Page last updated at 13:47 GMT, Friday, 25 December 2009

Children 'rushed' into growing up, says Archbishop

Dr Rowan Williams delivered his sermon at Canterbury Cathedral

Society forces children to grow up too fast, the Archbishop of Canterbury has said in his Christmas Day sermon.

They need "nourishment and stability", rather than independence which can lead to "misery and exploitation", Dr Rowan Williams told Canterbury Cathedral.

Meanwhile, the Archbishop of York, Dr John Sentamu, told the city's minster people must find room in life for God.

The Archbishop of Westminster, Vincent Nichols, used his homily to urge people to look "closer to home" for happiness.

Dr Williams said society had created a culture where being "dependent" was viewed with "pity and concern".

"We think of dependency on drugs and alcohol and worry about the dependent mindset that can be created by handouts to the destitute," he said.

But he said everyone was dependent on air and food to live, and on their parents to learn and grow.

As we learn how to be gratefully dependent, we learn how to attend to and respond to the dependence of others
Dr Rowan Williams
Archbishop of Canterbury

The archbishop said a culture of independence could be damaging for elderly or disabled people and children.

"We send out the message that if you're not standing on your own two feet and need regular support, you're an anomaly," he said.

"In the case of children we will do our level best to turn them into little consumers and performers as soon as we can. We shall test them relentlessly in schools.

"We shall do all we can to make childhood a brief and rather regrettable stage on the way to the real thing."

Dr Williams encouraged parents to treasure the dependency of their children.

'Sustaining happiness'

He said that dependence allows people to learn "to ask from each other, to receive from each other, to depend on the generosity of those who love us and stand alongside us".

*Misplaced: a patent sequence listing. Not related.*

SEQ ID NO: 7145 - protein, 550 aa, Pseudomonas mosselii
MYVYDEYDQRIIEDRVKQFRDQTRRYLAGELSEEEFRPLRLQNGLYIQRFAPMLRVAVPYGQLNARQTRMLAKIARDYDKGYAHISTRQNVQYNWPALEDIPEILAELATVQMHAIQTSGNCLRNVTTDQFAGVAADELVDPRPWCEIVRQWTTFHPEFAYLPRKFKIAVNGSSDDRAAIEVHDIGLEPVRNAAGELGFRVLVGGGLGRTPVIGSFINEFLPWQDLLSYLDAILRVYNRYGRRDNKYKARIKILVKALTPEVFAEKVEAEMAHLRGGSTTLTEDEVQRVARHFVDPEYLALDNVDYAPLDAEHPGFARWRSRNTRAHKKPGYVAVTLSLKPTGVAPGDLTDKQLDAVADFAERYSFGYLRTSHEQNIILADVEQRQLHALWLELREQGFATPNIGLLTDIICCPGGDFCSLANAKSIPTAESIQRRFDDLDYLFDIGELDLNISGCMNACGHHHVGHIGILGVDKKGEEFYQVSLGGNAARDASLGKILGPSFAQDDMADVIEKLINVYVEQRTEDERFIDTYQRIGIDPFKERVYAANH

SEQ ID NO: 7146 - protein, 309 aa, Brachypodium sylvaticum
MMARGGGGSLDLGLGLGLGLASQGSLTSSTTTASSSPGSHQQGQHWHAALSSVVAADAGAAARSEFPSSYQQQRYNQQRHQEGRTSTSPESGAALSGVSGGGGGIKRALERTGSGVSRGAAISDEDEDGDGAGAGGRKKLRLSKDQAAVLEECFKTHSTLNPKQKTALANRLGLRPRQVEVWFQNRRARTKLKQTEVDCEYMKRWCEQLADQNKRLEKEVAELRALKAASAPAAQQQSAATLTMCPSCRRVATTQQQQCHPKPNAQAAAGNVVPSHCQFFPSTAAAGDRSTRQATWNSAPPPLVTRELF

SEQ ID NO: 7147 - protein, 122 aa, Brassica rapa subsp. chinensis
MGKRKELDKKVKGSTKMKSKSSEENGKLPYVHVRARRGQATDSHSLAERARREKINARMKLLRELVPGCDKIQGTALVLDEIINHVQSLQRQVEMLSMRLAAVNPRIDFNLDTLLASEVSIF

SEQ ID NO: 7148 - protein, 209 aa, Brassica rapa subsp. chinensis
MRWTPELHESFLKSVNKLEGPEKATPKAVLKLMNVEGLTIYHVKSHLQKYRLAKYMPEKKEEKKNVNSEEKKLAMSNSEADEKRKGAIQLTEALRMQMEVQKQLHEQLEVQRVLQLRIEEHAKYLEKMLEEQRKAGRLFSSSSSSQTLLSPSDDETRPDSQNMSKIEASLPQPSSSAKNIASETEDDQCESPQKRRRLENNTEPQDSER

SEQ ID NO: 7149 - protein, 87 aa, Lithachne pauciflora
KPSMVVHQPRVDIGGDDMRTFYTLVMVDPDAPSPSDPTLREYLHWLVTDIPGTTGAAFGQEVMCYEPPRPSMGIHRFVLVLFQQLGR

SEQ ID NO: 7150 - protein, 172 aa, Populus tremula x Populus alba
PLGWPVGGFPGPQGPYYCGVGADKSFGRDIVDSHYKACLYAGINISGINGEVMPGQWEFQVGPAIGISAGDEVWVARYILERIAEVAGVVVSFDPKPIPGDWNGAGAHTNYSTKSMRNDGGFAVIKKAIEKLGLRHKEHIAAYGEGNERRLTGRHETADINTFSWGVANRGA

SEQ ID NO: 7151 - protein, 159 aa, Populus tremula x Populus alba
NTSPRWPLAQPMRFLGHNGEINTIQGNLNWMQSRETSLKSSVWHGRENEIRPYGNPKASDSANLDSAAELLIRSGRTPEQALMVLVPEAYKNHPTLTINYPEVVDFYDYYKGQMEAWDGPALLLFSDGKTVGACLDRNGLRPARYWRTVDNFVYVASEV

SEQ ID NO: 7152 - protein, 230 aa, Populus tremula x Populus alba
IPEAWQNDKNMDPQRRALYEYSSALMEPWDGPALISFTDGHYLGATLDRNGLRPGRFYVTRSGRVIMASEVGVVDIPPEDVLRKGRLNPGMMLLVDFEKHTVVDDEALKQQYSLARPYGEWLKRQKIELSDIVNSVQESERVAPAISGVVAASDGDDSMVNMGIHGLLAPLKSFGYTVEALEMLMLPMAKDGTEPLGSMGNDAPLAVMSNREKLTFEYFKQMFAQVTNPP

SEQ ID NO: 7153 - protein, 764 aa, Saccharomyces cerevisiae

"As we learn how to be gratefully dependent, we learn how to attend to and respond to the dependence of others," he said.

"And perhaps by God's grace we learn how to create a society in which real dependence is celebrated and safeguarded, not regarded with embarrassment or abused by the powerful and greedy."

Happiness, we are told, comes from the way we are recognised by society, yet we know in our hearts that this is not so
Archbishop Vincent Nichols

Meanwhile, the Archbishop of York used his Christmas sermon to compare modern society with the plight of Jesus being born in a stable because there was no room for him at the inn.

"That inn at Bethlehem is like every human heart and community ever since," said Dr Sentamu.

"We find it easy to make room for our loved ones. Sadly, the poorest, narrowest, and least-honoured place is allotted to Jesus.

"Many celebrate Jesus Christ's birthday, but don't want him to be present. The birthday boy will spoil our celebration of his birthday if he is around," he added.

Earlier, at midnight Mass at Westminster Cathedral, Archbishop Vincent Nichols said it was vital people are not distracted from the true source of happiness.

The head of the Catholic Church in England and Wales said: "We are filled in this moment with peace and happiness… but will it last? In reality we know that our happiness and peace are difficult to sustain beyond moments such as this.

"Perhaps sustaining happiness in our lives is an art we have lost."

Pope knocked down

Archbishop Nichols said too often people chase after status, wealth and success in the false hope that they will bring contentment.

He said: "Happiness, we are told, comes from the way we are recognised by society, yet we know in our hearts that this is not so.

"Our happiness lives much closer to home, it lives in our steady relationships."

Archbishop Nichols gave his sermon shortly after Pope Benedict was knocked over by a woman during Christmas Eve Mass in St Peter's in the Vatican.

After hearing of the incident, Archbishop Nichols said: "It's surprising that it happened in St Peter's because the security there has been changed a great deal in recent years and is much more tight than it used to be."



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